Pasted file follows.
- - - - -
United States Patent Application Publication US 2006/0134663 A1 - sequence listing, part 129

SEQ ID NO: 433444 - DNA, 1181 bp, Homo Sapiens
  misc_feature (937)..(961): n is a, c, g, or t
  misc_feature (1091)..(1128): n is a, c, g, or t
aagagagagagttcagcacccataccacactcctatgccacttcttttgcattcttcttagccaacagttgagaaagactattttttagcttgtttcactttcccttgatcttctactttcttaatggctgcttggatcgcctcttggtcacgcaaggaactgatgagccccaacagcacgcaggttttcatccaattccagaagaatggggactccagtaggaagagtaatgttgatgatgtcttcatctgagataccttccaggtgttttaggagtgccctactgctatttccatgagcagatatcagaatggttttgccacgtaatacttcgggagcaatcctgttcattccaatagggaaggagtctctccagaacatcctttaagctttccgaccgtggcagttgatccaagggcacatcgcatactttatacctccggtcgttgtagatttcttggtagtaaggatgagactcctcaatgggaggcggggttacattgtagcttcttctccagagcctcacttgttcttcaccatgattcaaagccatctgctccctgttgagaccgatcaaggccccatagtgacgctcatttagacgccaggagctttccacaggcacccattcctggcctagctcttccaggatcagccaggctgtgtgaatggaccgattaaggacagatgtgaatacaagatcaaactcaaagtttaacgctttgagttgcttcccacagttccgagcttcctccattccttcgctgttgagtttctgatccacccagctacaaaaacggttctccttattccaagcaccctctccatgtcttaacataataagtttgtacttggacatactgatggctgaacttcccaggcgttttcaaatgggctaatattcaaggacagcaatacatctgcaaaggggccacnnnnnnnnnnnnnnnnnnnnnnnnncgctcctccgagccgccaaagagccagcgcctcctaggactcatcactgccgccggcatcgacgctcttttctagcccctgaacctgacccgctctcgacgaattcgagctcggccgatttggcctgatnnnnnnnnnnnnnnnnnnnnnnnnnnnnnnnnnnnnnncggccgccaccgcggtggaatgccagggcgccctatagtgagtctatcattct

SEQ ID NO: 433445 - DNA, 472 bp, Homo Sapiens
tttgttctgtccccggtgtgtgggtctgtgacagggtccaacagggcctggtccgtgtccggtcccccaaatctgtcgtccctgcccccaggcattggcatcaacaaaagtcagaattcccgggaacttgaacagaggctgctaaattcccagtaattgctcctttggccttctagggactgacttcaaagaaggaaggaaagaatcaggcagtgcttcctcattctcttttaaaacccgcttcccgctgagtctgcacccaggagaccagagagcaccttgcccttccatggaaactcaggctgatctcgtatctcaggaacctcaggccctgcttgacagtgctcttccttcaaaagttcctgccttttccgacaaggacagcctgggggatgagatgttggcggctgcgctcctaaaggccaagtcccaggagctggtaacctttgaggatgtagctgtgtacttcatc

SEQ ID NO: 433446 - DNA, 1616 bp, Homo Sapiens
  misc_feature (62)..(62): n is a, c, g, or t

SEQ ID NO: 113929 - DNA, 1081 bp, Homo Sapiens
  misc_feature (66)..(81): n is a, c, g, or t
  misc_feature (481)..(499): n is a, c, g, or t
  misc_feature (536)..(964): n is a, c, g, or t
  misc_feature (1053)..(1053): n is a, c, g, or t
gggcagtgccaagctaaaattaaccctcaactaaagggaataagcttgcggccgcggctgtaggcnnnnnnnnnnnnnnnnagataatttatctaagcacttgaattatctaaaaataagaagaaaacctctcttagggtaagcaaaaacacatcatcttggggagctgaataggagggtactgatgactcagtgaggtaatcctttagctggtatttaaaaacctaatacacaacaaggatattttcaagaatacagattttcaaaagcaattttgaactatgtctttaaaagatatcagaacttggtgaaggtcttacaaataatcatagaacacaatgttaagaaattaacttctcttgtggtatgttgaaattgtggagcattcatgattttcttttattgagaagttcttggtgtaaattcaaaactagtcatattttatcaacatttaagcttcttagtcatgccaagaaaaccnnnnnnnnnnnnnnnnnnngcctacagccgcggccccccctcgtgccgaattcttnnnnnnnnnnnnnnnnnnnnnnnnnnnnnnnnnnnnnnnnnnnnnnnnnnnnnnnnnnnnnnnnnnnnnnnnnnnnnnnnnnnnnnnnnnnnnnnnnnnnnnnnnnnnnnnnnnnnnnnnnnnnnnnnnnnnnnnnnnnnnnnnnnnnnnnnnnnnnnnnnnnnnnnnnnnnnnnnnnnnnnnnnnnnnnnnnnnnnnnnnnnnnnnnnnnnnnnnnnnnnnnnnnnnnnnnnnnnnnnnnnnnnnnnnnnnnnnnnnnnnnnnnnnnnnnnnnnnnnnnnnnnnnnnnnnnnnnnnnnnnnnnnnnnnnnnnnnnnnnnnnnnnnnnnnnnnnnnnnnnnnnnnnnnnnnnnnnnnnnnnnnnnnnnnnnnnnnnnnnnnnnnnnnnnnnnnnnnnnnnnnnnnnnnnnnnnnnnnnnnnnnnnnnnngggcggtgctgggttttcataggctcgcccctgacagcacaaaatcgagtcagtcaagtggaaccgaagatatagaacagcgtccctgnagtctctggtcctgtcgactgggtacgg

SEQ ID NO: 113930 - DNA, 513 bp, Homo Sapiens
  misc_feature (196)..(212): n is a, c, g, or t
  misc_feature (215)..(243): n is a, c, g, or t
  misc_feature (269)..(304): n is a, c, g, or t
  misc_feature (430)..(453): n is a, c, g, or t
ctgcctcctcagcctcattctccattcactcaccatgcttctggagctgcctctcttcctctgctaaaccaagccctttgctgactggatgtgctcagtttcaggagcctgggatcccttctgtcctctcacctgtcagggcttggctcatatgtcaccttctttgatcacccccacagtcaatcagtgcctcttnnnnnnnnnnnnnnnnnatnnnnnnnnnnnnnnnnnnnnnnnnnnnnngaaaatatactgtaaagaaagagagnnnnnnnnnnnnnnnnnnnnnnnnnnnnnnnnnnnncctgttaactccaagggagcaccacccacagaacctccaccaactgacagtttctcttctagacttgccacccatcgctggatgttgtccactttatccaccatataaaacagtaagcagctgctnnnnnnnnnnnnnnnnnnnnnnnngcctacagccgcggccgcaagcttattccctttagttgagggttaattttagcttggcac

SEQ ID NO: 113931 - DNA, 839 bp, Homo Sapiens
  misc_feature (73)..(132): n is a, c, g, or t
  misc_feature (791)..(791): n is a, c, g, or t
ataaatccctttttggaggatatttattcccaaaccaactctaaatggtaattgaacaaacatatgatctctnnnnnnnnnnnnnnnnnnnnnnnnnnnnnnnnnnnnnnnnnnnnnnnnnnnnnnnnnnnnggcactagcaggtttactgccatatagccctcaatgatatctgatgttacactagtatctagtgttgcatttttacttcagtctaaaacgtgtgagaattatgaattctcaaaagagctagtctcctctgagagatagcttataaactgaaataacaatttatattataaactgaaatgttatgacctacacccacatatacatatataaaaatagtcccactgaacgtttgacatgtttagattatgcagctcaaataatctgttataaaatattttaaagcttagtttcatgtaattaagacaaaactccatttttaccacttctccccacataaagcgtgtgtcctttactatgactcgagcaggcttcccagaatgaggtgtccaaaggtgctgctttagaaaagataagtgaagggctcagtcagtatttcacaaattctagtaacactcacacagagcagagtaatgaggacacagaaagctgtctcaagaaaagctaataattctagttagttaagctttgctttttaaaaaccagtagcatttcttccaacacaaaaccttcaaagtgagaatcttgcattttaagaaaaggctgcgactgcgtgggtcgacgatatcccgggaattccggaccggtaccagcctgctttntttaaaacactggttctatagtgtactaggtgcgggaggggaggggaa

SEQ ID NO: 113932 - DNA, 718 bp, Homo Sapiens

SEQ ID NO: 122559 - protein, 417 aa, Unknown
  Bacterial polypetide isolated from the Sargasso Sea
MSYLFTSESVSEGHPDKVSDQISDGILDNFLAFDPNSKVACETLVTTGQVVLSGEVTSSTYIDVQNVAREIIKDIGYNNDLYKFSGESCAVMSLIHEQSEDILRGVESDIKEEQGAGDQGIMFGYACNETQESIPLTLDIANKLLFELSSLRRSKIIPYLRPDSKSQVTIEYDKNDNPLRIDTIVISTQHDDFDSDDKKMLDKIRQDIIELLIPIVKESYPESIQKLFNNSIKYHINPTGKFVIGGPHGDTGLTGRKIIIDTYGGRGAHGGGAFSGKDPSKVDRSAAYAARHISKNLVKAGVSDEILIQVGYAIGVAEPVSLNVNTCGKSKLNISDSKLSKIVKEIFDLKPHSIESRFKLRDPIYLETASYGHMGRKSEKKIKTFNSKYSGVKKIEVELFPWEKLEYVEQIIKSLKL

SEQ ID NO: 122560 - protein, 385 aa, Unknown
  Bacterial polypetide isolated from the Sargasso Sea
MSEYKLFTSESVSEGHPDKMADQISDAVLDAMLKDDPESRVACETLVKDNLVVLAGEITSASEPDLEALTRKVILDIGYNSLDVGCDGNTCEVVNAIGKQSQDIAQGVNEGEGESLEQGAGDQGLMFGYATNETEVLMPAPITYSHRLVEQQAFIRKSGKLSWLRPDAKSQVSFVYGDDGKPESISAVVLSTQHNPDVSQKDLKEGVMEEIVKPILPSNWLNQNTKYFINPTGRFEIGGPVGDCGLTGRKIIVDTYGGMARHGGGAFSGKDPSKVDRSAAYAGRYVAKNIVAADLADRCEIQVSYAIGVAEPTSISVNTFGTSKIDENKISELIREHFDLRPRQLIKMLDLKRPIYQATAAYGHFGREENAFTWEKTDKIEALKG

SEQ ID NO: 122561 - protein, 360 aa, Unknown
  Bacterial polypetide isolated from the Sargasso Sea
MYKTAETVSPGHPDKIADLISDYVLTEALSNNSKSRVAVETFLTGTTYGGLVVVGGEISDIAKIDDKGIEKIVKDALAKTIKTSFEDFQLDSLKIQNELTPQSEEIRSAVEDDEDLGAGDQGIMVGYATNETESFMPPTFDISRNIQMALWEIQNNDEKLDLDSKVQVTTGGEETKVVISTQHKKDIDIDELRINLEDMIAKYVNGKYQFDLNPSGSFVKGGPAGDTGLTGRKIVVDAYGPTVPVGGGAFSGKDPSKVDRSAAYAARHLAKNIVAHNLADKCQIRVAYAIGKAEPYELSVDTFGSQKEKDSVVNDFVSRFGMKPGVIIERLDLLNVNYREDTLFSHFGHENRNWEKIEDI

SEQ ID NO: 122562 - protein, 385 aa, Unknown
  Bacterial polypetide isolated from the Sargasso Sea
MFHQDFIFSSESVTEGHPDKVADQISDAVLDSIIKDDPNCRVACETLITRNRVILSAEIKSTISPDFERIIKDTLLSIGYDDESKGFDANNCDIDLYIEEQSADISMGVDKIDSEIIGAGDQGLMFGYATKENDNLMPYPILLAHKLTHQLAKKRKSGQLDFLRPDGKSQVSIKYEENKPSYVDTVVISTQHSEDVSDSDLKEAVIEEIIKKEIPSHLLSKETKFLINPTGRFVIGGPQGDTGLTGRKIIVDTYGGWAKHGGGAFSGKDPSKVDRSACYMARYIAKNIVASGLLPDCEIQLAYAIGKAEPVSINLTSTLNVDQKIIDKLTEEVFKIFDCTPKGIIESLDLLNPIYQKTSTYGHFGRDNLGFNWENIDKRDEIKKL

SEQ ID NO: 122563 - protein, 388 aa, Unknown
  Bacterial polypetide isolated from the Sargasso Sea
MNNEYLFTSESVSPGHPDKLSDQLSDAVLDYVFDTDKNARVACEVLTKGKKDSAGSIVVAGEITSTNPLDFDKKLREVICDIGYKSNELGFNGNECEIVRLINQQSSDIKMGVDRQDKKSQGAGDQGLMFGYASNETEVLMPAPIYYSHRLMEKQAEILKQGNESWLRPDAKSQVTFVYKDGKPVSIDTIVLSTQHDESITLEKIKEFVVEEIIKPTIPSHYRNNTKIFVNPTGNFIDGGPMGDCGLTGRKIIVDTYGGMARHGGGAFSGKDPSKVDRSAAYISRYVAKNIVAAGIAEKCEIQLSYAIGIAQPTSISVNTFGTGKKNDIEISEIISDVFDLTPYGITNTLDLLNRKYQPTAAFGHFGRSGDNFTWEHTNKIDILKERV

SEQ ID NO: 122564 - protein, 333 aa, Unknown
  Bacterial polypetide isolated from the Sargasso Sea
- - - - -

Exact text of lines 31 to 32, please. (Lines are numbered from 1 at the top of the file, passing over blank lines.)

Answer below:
  Bacterial polypetide isolated from the Sargasso Sea
MSEYKLFTSESVSEGHPDKMADQISDAVLDAMLKDDPESRVACETLVKDNLVVLAGEITSASEPDLEALTRKVILDIGYNSLDVGCDGNTCEVVNAIGKQSQDIAQGVNEGEGESLEQGAGDQGLMFGYATNETEVLMPAPITYSHRLVEQQAFIRKSGKLSWLRPDAKSQVSFVYGDDGKPESISAVVLSTQHNPDVSQKDLKEGVMEEIVKPILPSNWLNQNTKYFINPTGRFEIGGPVGDCGLTGRKIIVDTYGGMARHGGGAFSGKDPSKVDRSAAYAGRYVAKNIVAADLADRCEIQVSYAIGVAEPTSISVNTFGTSKIDENKISELIREHFDLRPRQLIKMLDLKRPIYQATAAYGHFGREENAFTWEKTDKIEALKG